I think you have to learn to discern and look elsewhere and say, I need to learn how to engage with a God everywhere I can find truth and beauty, regardless of the intention of the maker of that art. I really believe that is a more biblical worldview. It also keeps us from being people who live in fear. There is no room for living in fear. There is no reason to be afraid. There is no reason to be fearful of secular music. We should learn how to chew on the meat, spit out the bones, to discern the truth and beauty, to commend that rather than to be just completely fearful and put all our security in these categories that dont mean anything. Its a dangerous way to live.

[Before this, my first year of college, and even a few years before that, my music collection was predominantly from the Christian music industry. Industry--just that. Pressed out to sound like tacky 80's music, all alike. I was wary of any mainstream groups, because I knew a lot of them used bad language, talked about sex, etc. I wanted to keep my ears pure. Yeah. Since going to (yes, a Christian one) college, and listening to my friends' music, I've broadened my interests. Actually that started beforehand I suppose. If not on a regular basis, I now have some interest in Weezer and other scattered songs here and there from individual groups that aren't marketed by Christians. When I hear a song that I like (you should go study the philosophy of aesthetics), I will then check out the lyrics. Yes, I do like the song "You're Beautiful" by James Blunt, however that one stinkin word has to mess it up for me, and therefore I prefer the censored version.]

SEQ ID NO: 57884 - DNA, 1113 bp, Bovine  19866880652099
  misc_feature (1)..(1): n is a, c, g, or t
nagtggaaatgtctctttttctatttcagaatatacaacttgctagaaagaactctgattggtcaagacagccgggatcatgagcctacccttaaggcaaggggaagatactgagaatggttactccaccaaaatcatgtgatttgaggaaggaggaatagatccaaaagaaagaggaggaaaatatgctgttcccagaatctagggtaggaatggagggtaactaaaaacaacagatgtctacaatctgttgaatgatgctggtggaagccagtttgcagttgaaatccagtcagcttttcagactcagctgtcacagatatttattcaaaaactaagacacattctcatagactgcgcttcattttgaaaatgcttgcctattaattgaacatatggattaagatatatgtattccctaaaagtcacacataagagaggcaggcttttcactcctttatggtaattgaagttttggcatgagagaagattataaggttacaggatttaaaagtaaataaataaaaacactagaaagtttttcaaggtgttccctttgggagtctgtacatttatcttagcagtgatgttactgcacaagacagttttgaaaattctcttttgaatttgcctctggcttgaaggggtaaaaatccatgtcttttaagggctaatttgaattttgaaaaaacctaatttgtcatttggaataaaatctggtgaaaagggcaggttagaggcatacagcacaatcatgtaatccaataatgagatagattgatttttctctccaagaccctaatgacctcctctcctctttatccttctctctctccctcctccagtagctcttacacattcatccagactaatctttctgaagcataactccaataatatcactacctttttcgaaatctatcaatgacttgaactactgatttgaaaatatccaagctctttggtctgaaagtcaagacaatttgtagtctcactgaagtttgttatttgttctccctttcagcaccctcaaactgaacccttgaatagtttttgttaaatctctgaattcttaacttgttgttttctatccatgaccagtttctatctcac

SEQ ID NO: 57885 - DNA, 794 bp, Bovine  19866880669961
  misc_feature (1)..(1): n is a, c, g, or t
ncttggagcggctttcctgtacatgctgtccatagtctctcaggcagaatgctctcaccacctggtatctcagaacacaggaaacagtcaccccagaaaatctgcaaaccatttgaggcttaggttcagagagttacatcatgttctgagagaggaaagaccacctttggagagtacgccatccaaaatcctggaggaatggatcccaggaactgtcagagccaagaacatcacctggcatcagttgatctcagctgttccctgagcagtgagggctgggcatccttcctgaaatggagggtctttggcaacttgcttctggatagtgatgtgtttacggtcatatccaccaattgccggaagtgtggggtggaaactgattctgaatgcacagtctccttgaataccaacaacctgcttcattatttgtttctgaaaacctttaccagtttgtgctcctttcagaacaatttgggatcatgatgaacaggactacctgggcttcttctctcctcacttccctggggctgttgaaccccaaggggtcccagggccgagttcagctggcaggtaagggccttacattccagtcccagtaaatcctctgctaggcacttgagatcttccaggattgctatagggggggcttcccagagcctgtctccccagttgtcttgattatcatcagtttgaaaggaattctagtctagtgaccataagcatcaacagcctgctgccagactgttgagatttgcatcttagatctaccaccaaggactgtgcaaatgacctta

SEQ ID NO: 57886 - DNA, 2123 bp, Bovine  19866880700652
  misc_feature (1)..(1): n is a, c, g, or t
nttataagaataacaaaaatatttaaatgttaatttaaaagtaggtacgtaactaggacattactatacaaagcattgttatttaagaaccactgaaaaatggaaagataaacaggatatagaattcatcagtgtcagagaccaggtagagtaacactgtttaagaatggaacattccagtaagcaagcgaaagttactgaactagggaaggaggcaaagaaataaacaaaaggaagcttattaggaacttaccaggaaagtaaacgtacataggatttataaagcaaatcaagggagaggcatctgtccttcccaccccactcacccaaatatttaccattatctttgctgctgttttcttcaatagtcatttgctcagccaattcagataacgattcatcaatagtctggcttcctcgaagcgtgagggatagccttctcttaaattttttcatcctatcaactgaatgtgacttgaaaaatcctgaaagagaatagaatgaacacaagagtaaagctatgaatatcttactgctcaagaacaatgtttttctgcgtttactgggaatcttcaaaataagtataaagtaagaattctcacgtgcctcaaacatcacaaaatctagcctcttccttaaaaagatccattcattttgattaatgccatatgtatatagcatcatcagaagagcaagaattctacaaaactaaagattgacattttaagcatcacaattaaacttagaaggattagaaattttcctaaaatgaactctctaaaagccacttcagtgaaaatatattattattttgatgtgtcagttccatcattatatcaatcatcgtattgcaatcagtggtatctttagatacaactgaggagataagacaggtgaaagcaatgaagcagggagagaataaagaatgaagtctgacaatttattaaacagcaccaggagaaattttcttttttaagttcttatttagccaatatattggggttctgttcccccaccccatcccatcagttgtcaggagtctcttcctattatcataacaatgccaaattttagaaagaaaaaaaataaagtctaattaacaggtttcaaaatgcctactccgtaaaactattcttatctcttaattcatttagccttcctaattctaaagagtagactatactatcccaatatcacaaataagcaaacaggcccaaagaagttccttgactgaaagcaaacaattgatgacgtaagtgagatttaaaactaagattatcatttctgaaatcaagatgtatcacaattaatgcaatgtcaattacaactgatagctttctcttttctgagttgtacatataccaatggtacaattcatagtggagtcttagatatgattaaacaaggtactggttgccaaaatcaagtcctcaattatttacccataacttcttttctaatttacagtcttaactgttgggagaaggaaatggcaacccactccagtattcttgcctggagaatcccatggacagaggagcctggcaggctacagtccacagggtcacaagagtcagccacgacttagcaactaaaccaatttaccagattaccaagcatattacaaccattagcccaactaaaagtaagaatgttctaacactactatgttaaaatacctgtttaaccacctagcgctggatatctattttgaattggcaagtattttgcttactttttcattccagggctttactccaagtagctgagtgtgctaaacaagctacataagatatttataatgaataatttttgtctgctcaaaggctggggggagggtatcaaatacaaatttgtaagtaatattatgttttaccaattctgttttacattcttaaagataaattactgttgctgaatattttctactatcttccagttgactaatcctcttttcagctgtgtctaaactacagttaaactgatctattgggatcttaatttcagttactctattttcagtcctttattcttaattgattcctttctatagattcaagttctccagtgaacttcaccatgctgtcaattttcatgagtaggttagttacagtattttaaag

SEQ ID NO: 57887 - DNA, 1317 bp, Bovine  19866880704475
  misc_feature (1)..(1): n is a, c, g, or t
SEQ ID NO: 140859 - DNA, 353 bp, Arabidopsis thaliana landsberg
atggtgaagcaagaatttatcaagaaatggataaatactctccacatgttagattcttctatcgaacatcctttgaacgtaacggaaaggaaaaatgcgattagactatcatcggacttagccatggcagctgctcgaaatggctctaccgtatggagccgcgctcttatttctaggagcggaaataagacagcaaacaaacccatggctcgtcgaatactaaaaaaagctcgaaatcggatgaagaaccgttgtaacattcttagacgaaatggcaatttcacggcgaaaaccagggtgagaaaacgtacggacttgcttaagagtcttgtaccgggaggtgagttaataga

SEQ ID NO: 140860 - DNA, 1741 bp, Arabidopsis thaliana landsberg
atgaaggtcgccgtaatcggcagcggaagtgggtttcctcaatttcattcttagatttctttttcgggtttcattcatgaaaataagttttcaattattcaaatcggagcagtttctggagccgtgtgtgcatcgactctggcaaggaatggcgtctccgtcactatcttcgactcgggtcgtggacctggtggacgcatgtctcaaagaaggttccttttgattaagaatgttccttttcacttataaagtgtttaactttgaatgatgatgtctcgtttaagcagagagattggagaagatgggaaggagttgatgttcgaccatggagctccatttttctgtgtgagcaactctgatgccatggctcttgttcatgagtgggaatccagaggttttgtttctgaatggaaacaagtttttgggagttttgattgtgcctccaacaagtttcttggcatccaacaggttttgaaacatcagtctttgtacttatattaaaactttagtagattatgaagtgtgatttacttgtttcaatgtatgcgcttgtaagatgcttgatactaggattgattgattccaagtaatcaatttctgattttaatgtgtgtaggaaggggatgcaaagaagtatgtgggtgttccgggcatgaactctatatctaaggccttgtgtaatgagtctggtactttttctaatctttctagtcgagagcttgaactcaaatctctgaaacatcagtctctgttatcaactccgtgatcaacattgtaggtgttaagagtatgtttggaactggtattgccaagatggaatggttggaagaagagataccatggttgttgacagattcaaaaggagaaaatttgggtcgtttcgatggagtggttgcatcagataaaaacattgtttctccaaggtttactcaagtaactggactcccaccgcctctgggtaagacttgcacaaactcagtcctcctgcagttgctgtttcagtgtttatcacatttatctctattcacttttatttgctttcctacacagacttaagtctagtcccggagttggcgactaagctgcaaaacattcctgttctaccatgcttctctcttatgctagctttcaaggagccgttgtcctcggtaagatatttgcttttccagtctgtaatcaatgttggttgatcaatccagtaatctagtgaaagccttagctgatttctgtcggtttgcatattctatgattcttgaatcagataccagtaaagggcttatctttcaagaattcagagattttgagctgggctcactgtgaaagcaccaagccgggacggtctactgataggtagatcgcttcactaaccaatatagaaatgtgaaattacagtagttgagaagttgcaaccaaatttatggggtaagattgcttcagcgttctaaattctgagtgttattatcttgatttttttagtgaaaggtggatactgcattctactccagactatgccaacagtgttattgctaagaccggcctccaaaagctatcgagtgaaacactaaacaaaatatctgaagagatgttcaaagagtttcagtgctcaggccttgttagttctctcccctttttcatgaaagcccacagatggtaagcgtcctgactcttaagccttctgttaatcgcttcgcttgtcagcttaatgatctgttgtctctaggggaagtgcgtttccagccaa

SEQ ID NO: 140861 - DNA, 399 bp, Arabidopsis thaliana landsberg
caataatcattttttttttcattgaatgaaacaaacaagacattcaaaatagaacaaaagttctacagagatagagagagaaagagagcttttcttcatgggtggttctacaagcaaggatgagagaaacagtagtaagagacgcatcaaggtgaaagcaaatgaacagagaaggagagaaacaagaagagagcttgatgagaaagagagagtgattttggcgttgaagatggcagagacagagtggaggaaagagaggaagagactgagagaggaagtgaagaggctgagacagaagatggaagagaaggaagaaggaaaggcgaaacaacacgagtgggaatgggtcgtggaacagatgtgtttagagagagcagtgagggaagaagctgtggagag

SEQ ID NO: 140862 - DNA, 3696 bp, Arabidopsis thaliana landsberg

[I would like to tell people to listen to Christian music because I know it's "safe for the whole family", but yet, a lot of it is tacky. There's good stuff out there that doesn't necessarily mention Jesus in every verse. I am learning a lot about how Christianity requires personal service--as in to the poor and broken, and not just evangelism.]